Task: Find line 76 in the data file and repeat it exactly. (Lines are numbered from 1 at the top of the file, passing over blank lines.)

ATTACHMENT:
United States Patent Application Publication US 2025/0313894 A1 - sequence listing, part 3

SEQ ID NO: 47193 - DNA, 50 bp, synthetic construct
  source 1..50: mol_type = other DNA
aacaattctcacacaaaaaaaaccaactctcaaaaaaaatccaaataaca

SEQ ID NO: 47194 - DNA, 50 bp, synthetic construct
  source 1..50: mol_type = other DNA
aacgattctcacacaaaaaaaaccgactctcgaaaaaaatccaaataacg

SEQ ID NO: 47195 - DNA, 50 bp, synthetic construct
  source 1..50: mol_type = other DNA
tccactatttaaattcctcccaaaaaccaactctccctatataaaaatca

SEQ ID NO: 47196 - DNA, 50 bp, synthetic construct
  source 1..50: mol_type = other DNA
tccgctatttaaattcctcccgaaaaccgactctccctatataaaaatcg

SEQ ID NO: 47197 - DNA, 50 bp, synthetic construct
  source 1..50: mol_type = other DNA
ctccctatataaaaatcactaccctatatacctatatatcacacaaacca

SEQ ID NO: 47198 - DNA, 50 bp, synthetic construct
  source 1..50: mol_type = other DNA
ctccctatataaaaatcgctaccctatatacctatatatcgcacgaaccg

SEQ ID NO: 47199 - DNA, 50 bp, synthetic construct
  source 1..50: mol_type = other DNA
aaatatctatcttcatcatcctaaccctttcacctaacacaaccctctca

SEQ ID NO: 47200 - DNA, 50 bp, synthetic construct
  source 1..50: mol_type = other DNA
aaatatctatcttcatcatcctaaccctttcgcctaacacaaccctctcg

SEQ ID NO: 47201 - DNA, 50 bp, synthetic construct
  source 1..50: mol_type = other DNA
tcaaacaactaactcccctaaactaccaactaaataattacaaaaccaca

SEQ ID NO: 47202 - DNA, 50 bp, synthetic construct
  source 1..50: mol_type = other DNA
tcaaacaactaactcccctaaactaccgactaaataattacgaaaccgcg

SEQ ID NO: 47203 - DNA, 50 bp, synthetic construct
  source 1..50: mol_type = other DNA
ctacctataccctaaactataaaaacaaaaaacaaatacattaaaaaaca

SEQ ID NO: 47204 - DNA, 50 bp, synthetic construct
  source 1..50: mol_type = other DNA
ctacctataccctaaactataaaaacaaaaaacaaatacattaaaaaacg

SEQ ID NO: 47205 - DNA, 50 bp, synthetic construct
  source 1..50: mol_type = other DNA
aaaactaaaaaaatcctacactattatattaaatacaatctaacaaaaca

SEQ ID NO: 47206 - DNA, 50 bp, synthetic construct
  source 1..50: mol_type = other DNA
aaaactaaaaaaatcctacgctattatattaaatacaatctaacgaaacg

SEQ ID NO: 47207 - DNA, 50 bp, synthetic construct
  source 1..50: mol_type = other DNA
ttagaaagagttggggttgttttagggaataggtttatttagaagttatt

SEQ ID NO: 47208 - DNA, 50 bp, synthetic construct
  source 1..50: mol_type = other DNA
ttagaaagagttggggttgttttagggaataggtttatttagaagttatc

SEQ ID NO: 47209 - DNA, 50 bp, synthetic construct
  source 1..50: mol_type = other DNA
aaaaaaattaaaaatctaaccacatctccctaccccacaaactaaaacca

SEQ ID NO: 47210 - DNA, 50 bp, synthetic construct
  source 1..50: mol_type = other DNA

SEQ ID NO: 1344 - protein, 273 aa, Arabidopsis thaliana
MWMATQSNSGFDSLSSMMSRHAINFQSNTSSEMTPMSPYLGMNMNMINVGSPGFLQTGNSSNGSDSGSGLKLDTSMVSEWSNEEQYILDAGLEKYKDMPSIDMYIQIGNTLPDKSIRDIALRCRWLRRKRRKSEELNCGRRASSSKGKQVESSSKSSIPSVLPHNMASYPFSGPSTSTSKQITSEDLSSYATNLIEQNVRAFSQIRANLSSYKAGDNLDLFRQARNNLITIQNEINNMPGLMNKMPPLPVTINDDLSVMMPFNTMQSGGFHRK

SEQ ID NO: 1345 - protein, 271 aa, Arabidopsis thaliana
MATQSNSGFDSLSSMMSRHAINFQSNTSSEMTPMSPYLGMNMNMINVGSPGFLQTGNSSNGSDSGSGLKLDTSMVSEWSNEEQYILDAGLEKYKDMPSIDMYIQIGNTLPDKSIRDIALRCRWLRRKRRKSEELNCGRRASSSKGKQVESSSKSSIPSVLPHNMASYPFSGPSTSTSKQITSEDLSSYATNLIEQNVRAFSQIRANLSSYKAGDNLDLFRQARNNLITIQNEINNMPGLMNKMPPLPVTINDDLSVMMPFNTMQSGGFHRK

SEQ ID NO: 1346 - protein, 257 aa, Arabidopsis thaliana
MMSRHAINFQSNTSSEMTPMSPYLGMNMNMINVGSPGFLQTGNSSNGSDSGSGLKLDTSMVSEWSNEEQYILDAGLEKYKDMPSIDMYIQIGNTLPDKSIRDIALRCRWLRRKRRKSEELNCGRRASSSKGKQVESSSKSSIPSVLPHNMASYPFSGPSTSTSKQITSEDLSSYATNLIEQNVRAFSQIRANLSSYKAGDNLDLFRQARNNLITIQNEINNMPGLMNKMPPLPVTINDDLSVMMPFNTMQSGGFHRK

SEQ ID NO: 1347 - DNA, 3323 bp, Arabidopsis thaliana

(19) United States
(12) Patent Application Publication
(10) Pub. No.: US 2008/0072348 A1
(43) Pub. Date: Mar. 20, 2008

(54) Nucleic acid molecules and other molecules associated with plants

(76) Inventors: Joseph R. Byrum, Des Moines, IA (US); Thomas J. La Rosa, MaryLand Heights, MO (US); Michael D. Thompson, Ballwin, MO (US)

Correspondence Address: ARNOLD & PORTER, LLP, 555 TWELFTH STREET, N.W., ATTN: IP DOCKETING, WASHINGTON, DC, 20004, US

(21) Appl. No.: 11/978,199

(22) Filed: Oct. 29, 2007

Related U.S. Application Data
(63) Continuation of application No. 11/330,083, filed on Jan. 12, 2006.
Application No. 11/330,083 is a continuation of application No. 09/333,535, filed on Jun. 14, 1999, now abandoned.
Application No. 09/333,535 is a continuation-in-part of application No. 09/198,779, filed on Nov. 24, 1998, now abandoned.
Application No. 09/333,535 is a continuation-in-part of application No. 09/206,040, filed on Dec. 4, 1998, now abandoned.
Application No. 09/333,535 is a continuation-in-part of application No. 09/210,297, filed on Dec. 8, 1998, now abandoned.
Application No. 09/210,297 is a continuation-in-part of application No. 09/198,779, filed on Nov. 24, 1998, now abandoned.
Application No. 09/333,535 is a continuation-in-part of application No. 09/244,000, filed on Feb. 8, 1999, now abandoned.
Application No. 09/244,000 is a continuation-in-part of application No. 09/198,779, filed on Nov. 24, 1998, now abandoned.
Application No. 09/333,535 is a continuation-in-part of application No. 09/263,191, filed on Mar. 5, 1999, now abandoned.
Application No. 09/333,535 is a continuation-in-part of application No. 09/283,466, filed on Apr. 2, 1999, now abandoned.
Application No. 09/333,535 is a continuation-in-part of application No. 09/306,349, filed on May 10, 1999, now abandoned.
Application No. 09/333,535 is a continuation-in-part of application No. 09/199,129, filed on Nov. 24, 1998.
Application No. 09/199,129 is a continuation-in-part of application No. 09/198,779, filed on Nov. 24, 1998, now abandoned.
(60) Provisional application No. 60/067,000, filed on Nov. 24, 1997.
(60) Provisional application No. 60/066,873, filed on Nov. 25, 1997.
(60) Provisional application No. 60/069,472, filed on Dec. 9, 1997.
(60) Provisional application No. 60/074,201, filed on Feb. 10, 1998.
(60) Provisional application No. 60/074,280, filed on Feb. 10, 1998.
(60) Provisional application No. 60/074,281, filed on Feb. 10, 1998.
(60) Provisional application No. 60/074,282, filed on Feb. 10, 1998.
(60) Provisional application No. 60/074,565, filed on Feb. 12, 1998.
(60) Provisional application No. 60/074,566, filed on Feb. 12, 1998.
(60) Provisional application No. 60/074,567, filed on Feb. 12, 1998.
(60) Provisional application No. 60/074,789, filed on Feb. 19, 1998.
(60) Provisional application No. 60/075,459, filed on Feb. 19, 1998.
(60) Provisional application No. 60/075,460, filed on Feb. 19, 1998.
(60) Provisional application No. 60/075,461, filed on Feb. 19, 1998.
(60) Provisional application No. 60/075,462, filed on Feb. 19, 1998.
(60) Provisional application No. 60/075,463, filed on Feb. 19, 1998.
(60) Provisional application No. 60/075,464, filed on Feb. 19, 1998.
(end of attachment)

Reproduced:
Application No. 09/333,535 is a continuation-in-part of application No. 09/210,297, filed on Dec. 8, 1998, now abandoned.